Connect with us


Susan Collins Mocked For Crying Foul After Jon Ossoff Calls Out Her Hypocrisy On Voting Rights Bill



Susan Collins

Republican Sen. Susan Collins, of Maine, is not happy about remarks made by Democratic Sen. Jon Ossoff about her opposition to the Voting Rights Act as he called for “access to the ballot for every single American voter.”

Speaking from the Senate floor on Wednesday, Ossoff challenged Collins over what he characterized as her evolving position on voting rights legislation, pointing out that she has flip-flopped on her support for the Voting Rights legislation.

Ossoff noted that Collins and other senior Republicans voted for a 2006 reauthorization of the Voting Rights Act but opposed a motion to proceed to the John Lewis Voting Rights Advancement Act last year.

Collins made it clear she didn’t appreciate Ossoff’s arguments and warned he was at risk of violating the Senate’s Rule XIX, which bars any senator from imputing “any conduct or motive unworthy or unbecoming a senator.”

But Ossoff didn’t back down, challenging Collins’s claim that the Voting Rights Act remains substantially intact because the Department of Justice can still challenge new voting laws on the basis that they improperly restrict civil rights.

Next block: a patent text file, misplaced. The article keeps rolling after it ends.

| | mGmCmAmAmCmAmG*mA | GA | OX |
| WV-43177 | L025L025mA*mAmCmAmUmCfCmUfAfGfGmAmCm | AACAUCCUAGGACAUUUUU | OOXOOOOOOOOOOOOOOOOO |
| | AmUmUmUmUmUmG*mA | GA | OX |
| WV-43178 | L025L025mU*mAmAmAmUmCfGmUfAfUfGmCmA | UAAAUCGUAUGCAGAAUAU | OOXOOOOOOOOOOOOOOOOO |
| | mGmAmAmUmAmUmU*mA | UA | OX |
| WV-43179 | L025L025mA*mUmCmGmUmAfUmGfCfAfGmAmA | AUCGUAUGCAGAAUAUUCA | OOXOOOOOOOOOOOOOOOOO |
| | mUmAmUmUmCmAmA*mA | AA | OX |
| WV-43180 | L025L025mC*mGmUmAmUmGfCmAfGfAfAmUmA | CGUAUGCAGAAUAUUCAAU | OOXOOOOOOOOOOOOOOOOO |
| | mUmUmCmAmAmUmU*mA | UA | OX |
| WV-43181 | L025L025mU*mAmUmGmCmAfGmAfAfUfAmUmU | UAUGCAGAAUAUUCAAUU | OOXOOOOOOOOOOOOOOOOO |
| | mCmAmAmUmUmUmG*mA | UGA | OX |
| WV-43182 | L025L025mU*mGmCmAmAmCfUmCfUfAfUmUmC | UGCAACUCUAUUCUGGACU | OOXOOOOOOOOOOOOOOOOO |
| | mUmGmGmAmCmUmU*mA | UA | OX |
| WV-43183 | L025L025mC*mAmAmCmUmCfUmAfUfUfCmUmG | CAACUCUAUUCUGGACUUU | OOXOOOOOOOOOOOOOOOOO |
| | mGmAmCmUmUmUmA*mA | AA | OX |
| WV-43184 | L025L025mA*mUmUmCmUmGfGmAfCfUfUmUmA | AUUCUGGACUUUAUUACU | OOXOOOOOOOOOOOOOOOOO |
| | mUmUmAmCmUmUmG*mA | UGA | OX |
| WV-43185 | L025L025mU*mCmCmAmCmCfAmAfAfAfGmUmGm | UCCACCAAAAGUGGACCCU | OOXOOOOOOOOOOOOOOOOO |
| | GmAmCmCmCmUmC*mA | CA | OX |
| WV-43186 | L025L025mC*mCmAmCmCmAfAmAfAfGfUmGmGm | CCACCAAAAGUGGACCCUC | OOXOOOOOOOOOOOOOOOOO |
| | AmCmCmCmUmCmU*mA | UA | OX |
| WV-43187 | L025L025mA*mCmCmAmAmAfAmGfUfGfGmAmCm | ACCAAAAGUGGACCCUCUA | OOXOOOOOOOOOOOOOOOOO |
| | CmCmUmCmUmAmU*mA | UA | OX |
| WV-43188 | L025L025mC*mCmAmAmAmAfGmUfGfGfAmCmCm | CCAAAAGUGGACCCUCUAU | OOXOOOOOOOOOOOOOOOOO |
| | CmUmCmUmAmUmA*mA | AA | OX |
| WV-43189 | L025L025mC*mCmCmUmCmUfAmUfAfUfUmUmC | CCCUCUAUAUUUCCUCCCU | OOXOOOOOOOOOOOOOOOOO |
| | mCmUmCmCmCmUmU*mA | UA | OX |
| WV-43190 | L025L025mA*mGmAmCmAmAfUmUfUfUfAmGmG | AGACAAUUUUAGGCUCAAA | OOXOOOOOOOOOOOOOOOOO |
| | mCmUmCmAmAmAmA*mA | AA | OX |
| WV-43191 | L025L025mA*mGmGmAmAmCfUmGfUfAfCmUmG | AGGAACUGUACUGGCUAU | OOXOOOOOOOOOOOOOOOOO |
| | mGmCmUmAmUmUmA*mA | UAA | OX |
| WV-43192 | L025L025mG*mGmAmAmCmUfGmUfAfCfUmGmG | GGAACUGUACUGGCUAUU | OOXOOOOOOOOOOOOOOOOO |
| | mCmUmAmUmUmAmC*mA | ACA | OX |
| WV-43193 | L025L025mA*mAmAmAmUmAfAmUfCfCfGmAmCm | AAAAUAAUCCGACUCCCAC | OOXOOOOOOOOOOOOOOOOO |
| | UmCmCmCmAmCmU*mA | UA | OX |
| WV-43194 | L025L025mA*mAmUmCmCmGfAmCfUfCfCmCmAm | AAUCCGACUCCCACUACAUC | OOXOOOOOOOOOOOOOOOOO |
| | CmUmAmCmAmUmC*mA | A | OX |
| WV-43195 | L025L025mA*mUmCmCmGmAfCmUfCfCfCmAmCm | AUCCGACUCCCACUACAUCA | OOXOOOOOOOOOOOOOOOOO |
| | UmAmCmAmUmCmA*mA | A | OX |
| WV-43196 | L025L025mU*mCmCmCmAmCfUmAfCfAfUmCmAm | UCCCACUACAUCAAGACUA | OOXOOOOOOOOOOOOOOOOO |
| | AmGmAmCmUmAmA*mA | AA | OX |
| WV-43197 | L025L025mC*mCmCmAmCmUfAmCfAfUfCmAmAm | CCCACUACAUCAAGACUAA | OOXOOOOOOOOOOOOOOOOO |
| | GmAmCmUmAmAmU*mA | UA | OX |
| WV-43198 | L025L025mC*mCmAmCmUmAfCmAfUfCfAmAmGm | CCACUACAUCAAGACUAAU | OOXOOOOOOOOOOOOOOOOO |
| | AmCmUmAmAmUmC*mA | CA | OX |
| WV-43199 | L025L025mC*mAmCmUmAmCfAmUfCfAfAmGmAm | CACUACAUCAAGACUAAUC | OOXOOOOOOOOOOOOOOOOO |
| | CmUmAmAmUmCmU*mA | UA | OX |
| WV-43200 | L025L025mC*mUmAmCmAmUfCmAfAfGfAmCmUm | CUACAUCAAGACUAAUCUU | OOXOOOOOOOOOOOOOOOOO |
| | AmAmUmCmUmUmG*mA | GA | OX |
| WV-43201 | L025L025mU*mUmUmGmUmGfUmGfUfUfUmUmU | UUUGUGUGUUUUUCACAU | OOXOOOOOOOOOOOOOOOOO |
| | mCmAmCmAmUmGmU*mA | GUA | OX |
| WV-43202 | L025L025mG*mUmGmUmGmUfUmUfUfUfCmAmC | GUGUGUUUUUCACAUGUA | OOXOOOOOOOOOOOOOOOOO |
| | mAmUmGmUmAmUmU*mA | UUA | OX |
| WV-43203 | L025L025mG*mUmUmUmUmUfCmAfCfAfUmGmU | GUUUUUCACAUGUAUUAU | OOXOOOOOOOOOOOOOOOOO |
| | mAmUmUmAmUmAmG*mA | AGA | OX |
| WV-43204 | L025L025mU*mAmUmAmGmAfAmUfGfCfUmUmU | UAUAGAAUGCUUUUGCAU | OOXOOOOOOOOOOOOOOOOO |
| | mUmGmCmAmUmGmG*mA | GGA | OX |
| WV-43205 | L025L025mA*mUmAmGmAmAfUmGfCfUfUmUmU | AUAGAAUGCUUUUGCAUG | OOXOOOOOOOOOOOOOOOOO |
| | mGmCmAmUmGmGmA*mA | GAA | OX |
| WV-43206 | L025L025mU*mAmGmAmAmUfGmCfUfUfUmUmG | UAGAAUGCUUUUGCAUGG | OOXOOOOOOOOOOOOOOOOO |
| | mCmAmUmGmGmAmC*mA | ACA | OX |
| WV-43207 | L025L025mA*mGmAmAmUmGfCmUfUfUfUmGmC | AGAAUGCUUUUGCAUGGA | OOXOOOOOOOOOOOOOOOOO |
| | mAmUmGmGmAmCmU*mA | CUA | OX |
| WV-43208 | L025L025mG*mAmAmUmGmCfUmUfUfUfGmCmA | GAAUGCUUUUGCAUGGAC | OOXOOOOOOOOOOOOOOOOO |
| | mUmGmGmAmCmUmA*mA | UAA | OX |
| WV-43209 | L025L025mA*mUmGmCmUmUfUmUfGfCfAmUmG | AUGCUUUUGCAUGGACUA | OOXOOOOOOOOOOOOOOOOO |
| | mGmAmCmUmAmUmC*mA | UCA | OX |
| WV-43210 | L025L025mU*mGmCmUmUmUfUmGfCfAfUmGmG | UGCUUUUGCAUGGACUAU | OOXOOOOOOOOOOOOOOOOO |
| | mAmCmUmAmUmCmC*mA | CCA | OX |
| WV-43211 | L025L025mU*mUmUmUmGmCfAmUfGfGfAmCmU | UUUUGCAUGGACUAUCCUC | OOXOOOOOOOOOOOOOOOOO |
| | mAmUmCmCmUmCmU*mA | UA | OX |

He argued that a landmark Supreme Court case hollowed out the 1965 act by limiting the Justice Department’s ability to block new voting restrictions before they go into effect.

“Abraham Lincoln must be turning in his grave to hear the senators from the Grand Old Party,” Ossoff said in a provocative opening to his floor speech earlier in the evening, arguing that Senate Republicans today are “echoing” states’ rights arguments “to oppose the reauthorization of the Voting Rights Act.”

He pointed out that Sen. Lisa Murkowski (R-Alaska) was the only Republican to vote in November to proceed to the John Lewis Voting Rights Advancement Act, which is intended to reauthorize the 1965 Voting Rights Act and reinstate parts of that law that were thrown out by the Supreme Court in its 2013 decision Shelby County v. Holder.

Ossoff called out four Republican colleagues by name — something that senators usually avoid for fear of ruffling feathers — including Collins, for backing the reauthorization of the Voting Rights Act in the past but voting against proceeding to the Democrats’ update to that bill.

Collins responded by issuing a mocking comment about Ossoff for being the youngest U.S. senator.

“I’m not sure the senator from Georgia was even born in 1965,” she said. “Surely he is not confusing the current bill with the reauthorization,” she added before suggesting Ossoff was comparing apples to oranges.

“This is entirely different from a debate on a 735-page bill,” she said.

Naturally, Twitter users had to respond.

Watch Jo Ossoff’s full speech and some of the reactions below:


Shop Smart